MANAMA // Bahrain's government yesterday claimed to have thwarted a subversive, "foreign plot" that had been brewing for decades, and threatening the entire Gulf region, for the country's recent unrest.
"An external plot has been fomented for twenty to thirty years for the ground to be ripe for subversive designs," said King Hamad bin Isa al Khalifa, in a statement issued late yesterday from the state-run Bahrain News Agency. "I here announce the failure of the fomented subversive plot," the king reportedly told officers from the Saudi-led Peninsula Shield Force, including a contingent from the UAE, that entered Bahrain last week.
The king's statement did not elaborate on who was behind the alleged plot but, with tensions heightened between Bahrain and Iran following a month of unrest on the island, some believe it was a reference to the Gulf island's neighbour.
"In my opinion this is about Iran," said Faisal Foulad, a former Bahraini MP and current secretary-general of the Bahrain Human Rights Watch Society. "Iran was digging to make an interference in Bahrain."
Both Bahrain and Iran have recalled their ambassadors in recent weeks. Tehran has been vocal in its condemnation of the Bahraini government's violent clampdown on pro-reform protesters, which has left at least 25 dead in the last month including demonstrators and police.
Bahrain's foreign ministry also "strongly denounced" comments made by Hassan Nasrallah, the leader of Hizbollah, in a speech he gave on Sunday which strongly criticised the government's use of force.
"Bahrain holds the Lebanese government responsible for the repercussions of those statements and false allegations which will undoubtedly impact on bilateral relations," the ministry said.
Kuwaiti naval vessels arrived to Bahrain to join the Peninsula Shield yesterday, according to Bahrain News Agency, which also reported that Sheikh Khalifa bin Ahmed al Khalifa, the commander of the Bahrain Defence Forces, said the unrest in Bahrain had posed a threat to the "stability of all GCC member states".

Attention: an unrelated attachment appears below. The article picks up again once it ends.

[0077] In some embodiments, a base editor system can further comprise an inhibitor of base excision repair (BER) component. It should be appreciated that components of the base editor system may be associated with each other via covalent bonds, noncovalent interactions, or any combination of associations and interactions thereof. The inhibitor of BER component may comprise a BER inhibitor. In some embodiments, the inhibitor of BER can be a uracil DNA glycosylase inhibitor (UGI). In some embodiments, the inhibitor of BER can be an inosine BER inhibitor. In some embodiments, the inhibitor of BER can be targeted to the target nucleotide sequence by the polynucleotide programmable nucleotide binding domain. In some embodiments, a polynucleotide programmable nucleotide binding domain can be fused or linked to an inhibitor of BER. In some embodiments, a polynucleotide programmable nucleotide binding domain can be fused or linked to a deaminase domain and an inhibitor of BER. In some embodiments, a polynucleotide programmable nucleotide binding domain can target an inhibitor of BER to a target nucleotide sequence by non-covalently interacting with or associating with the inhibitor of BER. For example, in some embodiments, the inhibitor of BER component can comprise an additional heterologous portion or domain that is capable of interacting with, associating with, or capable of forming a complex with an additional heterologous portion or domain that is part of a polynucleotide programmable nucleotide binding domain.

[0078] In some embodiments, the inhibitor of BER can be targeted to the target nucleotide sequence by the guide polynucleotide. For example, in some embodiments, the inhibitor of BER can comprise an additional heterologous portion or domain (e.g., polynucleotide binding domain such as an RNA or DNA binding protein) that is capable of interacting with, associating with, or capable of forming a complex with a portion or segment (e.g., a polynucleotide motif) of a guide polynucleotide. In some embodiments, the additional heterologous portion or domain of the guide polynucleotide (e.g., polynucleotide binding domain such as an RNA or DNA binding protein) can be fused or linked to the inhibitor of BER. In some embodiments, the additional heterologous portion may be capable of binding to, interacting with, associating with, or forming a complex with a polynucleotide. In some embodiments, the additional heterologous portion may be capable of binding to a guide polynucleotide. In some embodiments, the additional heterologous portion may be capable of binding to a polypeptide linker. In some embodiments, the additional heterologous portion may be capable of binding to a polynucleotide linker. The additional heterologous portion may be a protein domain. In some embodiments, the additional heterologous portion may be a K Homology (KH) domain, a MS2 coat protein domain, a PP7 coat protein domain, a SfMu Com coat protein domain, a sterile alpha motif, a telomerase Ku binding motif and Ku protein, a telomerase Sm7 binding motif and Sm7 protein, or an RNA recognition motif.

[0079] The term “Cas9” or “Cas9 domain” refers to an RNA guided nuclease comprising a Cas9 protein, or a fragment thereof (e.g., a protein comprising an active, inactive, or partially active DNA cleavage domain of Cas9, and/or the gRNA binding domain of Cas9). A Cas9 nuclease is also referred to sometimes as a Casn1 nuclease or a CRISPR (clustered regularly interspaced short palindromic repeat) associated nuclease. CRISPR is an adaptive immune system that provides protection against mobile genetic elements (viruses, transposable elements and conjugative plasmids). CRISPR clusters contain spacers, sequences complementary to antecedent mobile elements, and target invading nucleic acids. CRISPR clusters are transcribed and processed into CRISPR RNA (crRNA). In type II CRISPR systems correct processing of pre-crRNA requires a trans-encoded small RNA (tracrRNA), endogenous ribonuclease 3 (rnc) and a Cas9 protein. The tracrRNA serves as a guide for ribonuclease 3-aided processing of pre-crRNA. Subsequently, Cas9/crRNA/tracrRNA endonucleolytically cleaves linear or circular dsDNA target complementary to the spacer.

Yesterday in Abu Dhabi, Abdul Rahman al Attiyah, the council's secretary-general told reporters that the GCC force in Bahrain is not there to get involved in domestic politics, but that there was no timetable yet for a withdrawal.
Meanwhile, members of Bahrain's Shura, or consultative council, voiced support for the national dialogue announced by the Crown Prince of Bahrain, Sheikh Salman bin Hamad al Khalifa last month. Sheikh Salman had announced that issues, such as a contentious naturalisation programme and a more representative system of government, would be open for discussion.
Although a general strike is still in place, many businesses were open in central Manama yesterday. There were noticeably fewer troops deployed around the city and some schools were due to go back from today.
However, the mood in many of the Shia villages remain tense, with reports of nightly raids and arrests. Yesterday hundreds defied a ban on protests and marched through the village of Karzakan, but no clashes were reported. Some of the villages have closed off their main access roads with makeshift roadblocks, in anticipation of the return of security forces.
Funerals for two of those killed in recent days were held yesterday. Jawad al Shamlan and Abdul Rasool al Hujairi disappeared at a checkpoint last week, according to his family.
In the Shia village of Buri, thousands came out to pay their respects for al Hujairi, whose 12-year-old daughter Fatima consoled mourners.
"I don't want people to cry for my father, he is in a better place and he's a martyr," she told them.
* With additional reporting by Agence France-Presse and Bloomberg